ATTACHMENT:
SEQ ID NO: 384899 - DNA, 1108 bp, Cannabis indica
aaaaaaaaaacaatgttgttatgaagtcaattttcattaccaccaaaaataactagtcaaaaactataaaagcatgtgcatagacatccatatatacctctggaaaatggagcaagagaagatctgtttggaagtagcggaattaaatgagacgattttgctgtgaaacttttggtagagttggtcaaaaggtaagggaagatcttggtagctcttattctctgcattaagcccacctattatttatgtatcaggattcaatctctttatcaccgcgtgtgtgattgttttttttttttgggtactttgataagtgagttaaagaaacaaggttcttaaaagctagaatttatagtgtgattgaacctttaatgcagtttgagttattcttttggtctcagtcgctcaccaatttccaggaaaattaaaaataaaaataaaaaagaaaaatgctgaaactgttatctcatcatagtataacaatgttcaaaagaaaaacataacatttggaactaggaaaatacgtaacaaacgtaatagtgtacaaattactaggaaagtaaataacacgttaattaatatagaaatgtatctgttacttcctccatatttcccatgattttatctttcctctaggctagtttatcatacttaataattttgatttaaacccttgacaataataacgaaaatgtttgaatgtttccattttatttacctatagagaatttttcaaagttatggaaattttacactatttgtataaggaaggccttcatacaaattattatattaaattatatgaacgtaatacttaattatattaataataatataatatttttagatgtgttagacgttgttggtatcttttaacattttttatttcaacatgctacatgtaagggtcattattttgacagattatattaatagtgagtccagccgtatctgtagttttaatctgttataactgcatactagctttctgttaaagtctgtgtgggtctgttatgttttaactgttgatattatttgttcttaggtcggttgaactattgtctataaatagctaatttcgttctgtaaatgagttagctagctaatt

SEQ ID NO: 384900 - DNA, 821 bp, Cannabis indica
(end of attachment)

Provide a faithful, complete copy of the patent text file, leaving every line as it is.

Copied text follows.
SEQ ID NO: 384899 - DNA, 1108 bp, Cannabis indica
aaaaaaaaaacaatgttgttatgaagtcaattttcattaccaccaaaaataactagtcaaaaactataaaagcatgtgcatagacatccatatatacctctggaaaatggagcaagagaagatctgtttggaagtagcggaattaaatgagacgattttgctgtgaaacttttggtagagttggtcaaaaggtaagggaagatcttggtagctcttattctctgcattaagcccacctattatttatgtatcaggattcaatctctttatcaccgcgtgtgtgattgttttttttttttgggtactttgataagtgagttaaagaaacaaggttcttaaaagctagaatttatagtgtgattgaacctttaatgcagtttgagttattcttttggtctcagtcgctcaccaatttccaggaaaattaaaaataaaaataaaaaagaaaaatgctgaaactgttatctcatcatagtataacaatgttcaaaagaaaaacataacatttggaactaggaaaatacgtaacaaacgtaatagtgtacaaattactaggaaagtaaataacacgttaattaatatagaaatgtatctgttacttcctccatatttcccatgattttatctttcctctaggctagtttatcatacttaataattttgatttaaacccttgacaataataacgaaaatgtttgaatgtttccattttatttacctatagagaatttttcaaagttatggaaattttacactatttgtataaggaaggccttcatacaaattattatattaaattatatgaacgtaatacttaattatattaataataatataatatttttagatgtgttagacgttgttggtatcttttaacattttttatttcaacatgctacatgtaagggtcattattttgacagattatattaatagtgagtccagccgtatctgtagttttaatctgttataactgcatactagctttctgttaaagtctgtgtgggtctgttatgttttaactgttgatattatttgttcttaggtcggttgaactattgtctataaatagctaatttcgttctgtaaatgagttagctagctaatt

SEQ ID NO: 384900 - DNA, 821 bp, Cannabis indica